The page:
[0036] It should be appreciated that redundancy can be helpful in synthesizing oligonucleotides without localized errors. According to some aspects of the invention, the methods of the invention use combinatorial chemistry on a solid support within a flow chamber. Since the oligonucleotides on the support are synthesized within a global environment, fluid flow error can cause global errors and affect all oligonucleotides on a per-cycle (or per-nucleotide addition) context. In this context, the first level of redundancy may not protect against errors if the array undergoes a global error process, for example, a fluid flow error, since all redundant oligonucleotides are locked in the same nucleotide addition phase. In some embodiments, by introducing a plurality of padding sequences having different lengths upstream to each desired construction oligonucleotide sequence (or payload), a nucleotide phased shift may be introduced during the oligonucleotide synthesis. Such designs described herein have the advantage not affect the downstream content of the oligonucleotide sequence of interest and not to affect redundancy. The shift in cycle time can help mitigate global synthesis cycle events from causing errors in the downstream nucleic acid assembly.

[0037] According to some aspects of the invention, the oligonucleotides to be synthesized are designed so as to have an additional sequence (also referred herein as padding sequence) upstream a sequence of interest. In some embodiments, a synthetic oligonucleotide may include a central sequence flanked by 5' and 3' amplification sequences. The flanking sequences are designed for amplification and are not intended to be part of the final oligonucleotide sequence or incorporated into the assembled nucleic acid. The flanking amplification sequences may be used as primer sequences to amplify a plurality of different assembly oligonucleotides that share the same amplification sequences but have different central assembly sequences. In some embodiments, the flanking sequences are removed after amplification to produce an oligonucleotide that contains only the assembly sequence.

[0038] Fig. IB shows an exemplary composition comprising an oligonucleotide comprising from the 5' end to the 3' end: an oligonucleotide primer binding sequence (also referred herein as primer binding site), a set of padding nucleotides (also referred herein as phased padding), a restriction enzyme recognition sequence (also referred herein as restriction site), a set of specific nucleotides making up the construction oligonucleotide having a predefined sequence (also referred herein as payload), a restriction enzyme sequence, and an oligonucleotide primer binding sequence. Yet in other embodiments, the padding sequence can be upstream the primer sequence (see FIG. 1A) or directly upstream the payload sequence. In this oligonucleotide design, the primers binding sequences allow amplification and the recognition sites for the restriction enzyme(s) allow the primer binding sequences to be cleaved off from the payload.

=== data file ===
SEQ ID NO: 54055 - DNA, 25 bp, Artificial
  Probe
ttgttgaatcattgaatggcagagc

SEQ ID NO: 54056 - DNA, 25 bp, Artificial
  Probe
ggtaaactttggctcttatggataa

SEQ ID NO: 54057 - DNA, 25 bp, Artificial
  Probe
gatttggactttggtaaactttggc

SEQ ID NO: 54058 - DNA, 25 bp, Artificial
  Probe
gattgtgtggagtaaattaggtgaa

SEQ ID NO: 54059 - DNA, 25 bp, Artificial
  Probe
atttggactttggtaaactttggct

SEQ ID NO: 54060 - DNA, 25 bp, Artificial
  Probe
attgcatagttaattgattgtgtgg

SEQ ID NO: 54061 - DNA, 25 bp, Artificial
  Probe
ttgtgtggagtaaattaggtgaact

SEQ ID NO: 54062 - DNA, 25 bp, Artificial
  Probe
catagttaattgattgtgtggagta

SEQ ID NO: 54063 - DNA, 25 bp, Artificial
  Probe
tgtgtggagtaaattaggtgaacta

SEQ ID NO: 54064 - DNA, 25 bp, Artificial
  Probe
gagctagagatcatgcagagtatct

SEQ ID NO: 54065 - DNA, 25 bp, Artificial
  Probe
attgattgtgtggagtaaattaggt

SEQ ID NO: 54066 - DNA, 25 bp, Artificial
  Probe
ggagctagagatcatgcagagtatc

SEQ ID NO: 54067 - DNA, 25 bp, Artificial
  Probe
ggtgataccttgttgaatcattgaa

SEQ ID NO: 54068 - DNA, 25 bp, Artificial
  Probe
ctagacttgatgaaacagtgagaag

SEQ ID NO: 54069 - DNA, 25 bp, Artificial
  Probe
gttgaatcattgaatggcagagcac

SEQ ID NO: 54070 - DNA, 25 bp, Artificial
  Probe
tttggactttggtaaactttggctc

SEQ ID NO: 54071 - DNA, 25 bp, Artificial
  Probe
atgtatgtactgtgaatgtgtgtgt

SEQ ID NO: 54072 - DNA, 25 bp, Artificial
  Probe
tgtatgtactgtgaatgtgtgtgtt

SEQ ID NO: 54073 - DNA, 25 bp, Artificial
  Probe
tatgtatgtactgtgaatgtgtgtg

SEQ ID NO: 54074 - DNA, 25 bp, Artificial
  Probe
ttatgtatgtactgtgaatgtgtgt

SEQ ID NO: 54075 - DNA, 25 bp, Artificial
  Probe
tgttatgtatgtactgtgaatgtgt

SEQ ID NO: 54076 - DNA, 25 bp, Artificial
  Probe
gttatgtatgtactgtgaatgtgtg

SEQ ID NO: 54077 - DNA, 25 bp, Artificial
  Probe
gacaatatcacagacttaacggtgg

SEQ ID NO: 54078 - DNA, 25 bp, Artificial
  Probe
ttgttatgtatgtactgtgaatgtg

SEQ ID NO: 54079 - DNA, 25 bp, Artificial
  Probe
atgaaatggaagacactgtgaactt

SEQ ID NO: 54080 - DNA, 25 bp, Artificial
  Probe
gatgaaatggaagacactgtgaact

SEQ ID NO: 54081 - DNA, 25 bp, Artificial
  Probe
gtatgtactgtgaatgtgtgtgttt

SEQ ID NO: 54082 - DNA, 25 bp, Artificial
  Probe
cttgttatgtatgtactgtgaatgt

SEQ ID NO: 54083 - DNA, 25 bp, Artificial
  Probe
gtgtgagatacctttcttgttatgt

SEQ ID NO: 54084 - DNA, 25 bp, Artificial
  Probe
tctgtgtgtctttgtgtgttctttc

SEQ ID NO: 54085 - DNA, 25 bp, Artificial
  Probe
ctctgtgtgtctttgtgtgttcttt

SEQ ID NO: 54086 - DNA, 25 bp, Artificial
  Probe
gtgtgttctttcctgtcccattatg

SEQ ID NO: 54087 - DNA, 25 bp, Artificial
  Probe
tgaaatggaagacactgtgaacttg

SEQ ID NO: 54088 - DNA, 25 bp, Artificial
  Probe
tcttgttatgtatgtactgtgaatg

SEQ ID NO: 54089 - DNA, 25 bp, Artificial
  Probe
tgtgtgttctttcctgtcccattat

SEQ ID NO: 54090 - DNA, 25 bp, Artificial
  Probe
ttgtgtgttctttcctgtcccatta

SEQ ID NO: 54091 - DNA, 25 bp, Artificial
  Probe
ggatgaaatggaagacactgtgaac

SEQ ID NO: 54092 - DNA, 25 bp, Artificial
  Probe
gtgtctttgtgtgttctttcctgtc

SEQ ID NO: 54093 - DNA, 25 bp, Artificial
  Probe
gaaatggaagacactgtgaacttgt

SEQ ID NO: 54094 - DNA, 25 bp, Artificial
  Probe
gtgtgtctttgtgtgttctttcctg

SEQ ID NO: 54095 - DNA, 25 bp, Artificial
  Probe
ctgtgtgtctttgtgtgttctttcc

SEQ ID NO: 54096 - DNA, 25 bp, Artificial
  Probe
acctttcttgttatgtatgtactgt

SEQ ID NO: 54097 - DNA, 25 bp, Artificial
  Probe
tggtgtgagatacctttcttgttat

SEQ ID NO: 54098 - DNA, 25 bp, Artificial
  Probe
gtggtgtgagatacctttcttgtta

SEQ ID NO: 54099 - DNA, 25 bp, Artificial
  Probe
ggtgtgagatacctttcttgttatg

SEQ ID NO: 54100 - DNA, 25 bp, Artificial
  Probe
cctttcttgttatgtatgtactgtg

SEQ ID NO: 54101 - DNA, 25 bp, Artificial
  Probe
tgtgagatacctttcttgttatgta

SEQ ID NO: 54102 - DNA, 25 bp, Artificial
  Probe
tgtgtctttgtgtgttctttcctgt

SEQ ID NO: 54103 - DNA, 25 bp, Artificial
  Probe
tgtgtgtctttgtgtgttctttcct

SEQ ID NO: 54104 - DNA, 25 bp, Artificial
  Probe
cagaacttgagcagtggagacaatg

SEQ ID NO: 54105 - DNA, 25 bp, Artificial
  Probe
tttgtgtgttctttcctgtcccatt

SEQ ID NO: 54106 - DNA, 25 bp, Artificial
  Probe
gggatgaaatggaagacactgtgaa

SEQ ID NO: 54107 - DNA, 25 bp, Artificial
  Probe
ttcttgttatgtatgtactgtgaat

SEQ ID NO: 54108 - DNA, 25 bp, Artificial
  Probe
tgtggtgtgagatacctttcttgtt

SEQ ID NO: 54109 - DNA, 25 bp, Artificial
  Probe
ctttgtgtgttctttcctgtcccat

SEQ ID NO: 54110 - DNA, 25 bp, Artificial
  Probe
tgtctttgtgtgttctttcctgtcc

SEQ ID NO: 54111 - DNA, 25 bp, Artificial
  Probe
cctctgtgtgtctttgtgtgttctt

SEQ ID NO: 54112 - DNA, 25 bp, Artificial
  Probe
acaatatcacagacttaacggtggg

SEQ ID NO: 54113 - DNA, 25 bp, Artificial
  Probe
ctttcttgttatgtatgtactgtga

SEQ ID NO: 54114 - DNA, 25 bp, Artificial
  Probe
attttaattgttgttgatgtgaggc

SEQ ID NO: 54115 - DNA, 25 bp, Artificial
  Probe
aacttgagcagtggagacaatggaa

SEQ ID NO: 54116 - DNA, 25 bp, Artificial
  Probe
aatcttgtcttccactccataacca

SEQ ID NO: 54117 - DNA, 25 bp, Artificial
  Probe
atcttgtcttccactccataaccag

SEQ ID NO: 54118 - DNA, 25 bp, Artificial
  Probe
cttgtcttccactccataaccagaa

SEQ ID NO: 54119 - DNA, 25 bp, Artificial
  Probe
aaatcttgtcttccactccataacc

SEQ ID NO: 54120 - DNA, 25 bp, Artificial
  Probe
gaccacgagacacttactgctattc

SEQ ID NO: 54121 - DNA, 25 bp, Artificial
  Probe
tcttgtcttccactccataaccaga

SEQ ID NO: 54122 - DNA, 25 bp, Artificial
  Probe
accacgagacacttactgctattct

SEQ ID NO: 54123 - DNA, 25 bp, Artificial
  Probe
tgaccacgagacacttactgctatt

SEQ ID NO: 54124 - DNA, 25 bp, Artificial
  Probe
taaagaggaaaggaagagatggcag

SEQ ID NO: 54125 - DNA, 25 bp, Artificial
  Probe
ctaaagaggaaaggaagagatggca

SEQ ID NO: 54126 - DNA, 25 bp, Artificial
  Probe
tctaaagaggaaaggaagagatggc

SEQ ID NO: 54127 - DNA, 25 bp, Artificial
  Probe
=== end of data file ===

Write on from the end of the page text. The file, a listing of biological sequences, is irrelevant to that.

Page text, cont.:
[0039] In some embodiments, the oligonucleotide sequences may be designed to include: amplification primer sequence(s), padding, recognition site for a restriction enzyme, such as a type IIS restriction enzyme, payload, recognition site for a restriction enzyme (same or different restriction enzyme), and amplification primer sequence(s). The terms "amplification primer sequence", "primer binding site", "primer binding sequence" and "primer recognition site" are used interchangeably. In other embodiments, the oligonucleotide sequences can may be designed to include: padding, amplification primer sequence(s), recognition site for a restriction enzyme, such as a type IIS restriction enzyme, payload, recognition site for a restriction enzyme (same or different restriction enzyme), and amplification primer sequence. In some embodiments, the payload can be an overlapping subset of a target gene to be assembled (or any arbitrary nucleic acid sequence).